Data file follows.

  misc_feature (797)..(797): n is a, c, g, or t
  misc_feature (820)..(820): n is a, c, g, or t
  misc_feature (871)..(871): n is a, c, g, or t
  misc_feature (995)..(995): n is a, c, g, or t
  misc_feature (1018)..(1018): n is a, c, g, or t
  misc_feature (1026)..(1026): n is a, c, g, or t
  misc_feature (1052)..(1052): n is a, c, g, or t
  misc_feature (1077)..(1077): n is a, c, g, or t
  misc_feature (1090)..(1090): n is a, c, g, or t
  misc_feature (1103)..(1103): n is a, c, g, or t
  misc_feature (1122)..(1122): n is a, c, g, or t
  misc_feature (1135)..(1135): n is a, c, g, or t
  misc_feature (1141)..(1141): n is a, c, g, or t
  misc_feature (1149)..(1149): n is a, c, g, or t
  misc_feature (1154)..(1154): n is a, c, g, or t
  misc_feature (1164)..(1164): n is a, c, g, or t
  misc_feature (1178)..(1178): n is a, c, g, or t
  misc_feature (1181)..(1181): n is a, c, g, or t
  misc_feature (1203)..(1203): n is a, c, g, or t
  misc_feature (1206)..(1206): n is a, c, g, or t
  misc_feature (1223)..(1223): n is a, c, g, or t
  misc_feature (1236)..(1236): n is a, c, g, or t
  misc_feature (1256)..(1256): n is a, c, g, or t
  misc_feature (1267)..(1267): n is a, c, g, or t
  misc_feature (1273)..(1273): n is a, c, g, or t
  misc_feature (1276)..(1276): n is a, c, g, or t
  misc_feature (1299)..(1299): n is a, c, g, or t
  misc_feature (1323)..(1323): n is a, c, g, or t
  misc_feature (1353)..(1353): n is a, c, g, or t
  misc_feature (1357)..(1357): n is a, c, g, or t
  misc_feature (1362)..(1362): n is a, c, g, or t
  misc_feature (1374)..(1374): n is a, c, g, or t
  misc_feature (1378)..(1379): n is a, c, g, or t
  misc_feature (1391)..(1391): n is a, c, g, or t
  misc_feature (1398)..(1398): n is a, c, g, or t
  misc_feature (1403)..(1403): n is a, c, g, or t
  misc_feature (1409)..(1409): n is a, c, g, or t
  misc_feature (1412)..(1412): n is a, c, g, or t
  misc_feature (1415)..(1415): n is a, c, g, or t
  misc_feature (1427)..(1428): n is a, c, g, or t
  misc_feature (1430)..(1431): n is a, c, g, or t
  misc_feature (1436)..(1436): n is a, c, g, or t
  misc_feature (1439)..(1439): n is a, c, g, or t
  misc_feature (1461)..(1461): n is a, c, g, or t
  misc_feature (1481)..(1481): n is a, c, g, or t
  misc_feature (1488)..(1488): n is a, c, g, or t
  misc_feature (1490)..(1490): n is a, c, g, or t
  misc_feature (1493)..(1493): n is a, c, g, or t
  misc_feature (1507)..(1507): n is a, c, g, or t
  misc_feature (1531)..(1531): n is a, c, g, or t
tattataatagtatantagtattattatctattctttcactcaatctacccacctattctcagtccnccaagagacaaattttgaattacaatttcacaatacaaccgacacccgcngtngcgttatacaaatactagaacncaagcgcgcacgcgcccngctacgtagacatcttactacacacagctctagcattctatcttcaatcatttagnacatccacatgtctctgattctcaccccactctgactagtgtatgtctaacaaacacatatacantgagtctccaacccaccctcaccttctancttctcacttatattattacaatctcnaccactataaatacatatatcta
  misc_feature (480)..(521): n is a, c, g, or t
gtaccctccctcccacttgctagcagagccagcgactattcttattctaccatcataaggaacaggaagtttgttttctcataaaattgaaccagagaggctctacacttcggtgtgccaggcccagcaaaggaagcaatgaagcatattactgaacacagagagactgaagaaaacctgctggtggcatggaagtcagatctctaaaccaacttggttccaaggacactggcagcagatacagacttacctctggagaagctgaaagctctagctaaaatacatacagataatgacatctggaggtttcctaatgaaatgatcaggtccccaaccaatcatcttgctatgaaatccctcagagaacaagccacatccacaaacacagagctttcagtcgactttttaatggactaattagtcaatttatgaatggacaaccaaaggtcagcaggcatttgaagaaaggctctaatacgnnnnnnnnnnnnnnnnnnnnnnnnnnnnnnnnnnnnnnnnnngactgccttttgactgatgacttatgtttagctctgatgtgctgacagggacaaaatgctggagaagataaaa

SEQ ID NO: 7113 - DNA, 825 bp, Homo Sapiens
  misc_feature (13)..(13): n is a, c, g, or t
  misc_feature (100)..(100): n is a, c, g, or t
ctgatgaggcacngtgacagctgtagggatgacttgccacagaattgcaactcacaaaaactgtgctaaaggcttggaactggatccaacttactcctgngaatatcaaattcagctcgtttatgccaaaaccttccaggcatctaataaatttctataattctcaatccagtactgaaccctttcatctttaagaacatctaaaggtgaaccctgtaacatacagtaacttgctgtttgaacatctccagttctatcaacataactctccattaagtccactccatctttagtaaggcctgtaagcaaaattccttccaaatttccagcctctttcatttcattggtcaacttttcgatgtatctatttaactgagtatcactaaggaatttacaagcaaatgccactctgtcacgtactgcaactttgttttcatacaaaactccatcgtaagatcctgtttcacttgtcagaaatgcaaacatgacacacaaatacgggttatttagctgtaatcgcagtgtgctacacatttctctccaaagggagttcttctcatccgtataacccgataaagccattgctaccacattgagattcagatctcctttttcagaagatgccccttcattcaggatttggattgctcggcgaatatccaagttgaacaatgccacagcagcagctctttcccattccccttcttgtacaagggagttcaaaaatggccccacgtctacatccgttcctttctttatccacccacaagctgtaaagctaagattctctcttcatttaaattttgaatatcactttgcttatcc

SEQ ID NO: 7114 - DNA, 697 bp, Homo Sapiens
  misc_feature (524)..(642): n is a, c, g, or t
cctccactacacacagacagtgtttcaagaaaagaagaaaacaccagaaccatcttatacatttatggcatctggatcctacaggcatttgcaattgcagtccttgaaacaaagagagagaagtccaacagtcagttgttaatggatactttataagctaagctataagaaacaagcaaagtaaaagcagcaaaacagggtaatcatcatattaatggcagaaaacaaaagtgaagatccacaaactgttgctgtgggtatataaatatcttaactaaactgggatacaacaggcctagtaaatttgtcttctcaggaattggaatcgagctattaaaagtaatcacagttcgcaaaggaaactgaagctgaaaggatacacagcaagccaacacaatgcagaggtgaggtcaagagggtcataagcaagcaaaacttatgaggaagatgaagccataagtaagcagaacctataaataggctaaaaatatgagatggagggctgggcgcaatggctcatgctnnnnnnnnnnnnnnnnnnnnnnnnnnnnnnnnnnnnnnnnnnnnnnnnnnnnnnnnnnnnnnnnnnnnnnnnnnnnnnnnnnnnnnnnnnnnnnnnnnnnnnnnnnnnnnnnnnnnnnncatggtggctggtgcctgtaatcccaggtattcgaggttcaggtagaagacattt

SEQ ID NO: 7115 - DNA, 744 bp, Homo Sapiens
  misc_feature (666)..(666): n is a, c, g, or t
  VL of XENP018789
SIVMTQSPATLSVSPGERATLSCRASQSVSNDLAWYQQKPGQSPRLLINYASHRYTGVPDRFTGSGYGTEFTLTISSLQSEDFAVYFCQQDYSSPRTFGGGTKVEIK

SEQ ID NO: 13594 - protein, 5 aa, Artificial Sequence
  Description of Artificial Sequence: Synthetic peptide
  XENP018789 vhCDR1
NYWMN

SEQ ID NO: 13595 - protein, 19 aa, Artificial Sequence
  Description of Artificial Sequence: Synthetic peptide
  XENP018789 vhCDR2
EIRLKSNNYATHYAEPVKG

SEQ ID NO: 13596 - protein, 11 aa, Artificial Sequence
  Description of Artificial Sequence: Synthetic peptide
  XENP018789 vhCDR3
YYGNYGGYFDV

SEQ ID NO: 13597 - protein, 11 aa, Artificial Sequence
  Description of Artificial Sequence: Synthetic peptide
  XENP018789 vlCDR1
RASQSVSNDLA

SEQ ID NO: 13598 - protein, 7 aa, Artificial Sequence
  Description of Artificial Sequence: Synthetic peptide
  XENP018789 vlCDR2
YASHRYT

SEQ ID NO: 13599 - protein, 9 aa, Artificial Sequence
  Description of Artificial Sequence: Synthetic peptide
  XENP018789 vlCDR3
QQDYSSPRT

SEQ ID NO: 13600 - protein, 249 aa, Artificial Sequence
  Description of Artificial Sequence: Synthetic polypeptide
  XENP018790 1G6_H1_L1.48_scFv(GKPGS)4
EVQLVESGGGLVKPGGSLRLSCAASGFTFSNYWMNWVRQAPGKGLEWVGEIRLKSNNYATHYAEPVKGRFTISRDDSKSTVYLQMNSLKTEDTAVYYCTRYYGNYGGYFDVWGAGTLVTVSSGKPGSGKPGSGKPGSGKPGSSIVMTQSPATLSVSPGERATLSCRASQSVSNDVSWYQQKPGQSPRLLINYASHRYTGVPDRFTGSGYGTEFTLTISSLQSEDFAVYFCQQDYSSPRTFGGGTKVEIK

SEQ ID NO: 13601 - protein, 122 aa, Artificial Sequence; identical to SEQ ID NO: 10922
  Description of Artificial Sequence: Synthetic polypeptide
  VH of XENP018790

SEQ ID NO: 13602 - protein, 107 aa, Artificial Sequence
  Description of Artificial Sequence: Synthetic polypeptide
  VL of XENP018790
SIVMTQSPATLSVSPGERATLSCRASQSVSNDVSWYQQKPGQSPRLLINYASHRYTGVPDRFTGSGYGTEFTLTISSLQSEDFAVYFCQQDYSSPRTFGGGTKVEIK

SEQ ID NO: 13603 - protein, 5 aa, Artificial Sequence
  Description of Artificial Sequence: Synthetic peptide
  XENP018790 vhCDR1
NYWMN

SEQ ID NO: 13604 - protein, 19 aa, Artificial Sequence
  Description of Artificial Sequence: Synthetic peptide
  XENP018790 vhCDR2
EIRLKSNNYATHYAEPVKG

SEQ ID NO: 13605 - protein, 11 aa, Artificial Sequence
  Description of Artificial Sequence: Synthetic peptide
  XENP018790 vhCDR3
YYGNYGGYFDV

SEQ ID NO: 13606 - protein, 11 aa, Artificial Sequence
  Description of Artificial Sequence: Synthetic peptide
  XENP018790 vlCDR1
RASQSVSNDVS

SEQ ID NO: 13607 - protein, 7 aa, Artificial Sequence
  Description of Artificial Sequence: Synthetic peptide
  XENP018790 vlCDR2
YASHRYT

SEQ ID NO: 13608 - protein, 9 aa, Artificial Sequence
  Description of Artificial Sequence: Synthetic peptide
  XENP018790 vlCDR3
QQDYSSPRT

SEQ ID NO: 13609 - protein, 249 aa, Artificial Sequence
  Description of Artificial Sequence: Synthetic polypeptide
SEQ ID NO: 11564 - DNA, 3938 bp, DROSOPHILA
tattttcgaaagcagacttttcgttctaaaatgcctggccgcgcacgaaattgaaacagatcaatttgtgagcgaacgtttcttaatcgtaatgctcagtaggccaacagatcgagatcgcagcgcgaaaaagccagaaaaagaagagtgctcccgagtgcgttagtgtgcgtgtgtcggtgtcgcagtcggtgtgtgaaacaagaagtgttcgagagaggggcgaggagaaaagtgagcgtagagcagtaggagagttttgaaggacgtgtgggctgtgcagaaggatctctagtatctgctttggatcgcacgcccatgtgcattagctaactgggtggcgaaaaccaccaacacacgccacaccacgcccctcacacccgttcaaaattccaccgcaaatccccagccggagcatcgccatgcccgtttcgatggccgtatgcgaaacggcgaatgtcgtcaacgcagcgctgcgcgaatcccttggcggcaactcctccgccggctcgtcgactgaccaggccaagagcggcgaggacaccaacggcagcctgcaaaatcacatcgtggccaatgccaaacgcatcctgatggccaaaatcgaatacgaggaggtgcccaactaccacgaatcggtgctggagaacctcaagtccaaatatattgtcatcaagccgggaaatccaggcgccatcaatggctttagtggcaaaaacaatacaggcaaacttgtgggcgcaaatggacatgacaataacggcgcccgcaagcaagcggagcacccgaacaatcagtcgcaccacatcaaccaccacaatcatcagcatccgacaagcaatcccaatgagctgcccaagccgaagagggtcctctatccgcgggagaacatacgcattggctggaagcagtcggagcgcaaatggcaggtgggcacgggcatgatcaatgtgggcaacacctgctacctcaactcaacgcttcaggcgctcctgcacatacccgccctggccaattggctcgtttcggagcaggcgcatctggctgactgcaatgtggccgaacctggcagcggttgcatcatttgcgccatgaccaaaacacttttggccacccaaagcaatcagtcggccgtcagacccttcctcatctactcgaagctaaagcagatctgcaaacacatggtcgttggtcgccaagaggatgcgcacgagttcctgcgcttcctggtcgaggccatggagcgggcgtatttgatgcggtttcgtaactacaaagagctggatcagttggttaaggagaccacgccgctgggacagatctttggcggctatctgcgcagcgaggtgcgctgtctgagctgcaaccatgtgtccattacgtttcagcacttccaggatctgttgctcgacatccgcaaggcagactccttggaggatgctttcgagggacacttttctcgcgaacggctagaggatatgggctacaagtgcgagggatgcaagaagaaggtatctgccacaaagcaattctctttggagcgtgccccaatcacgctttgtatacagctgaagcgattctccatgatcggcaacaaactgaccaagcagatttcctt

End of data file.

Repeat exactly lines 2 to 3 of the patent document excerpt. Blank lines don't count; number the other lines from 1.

  misc_feature (820)..(820): n is a, c, g, or t
  misc_feature (871)..(871): n is a, c, g, or t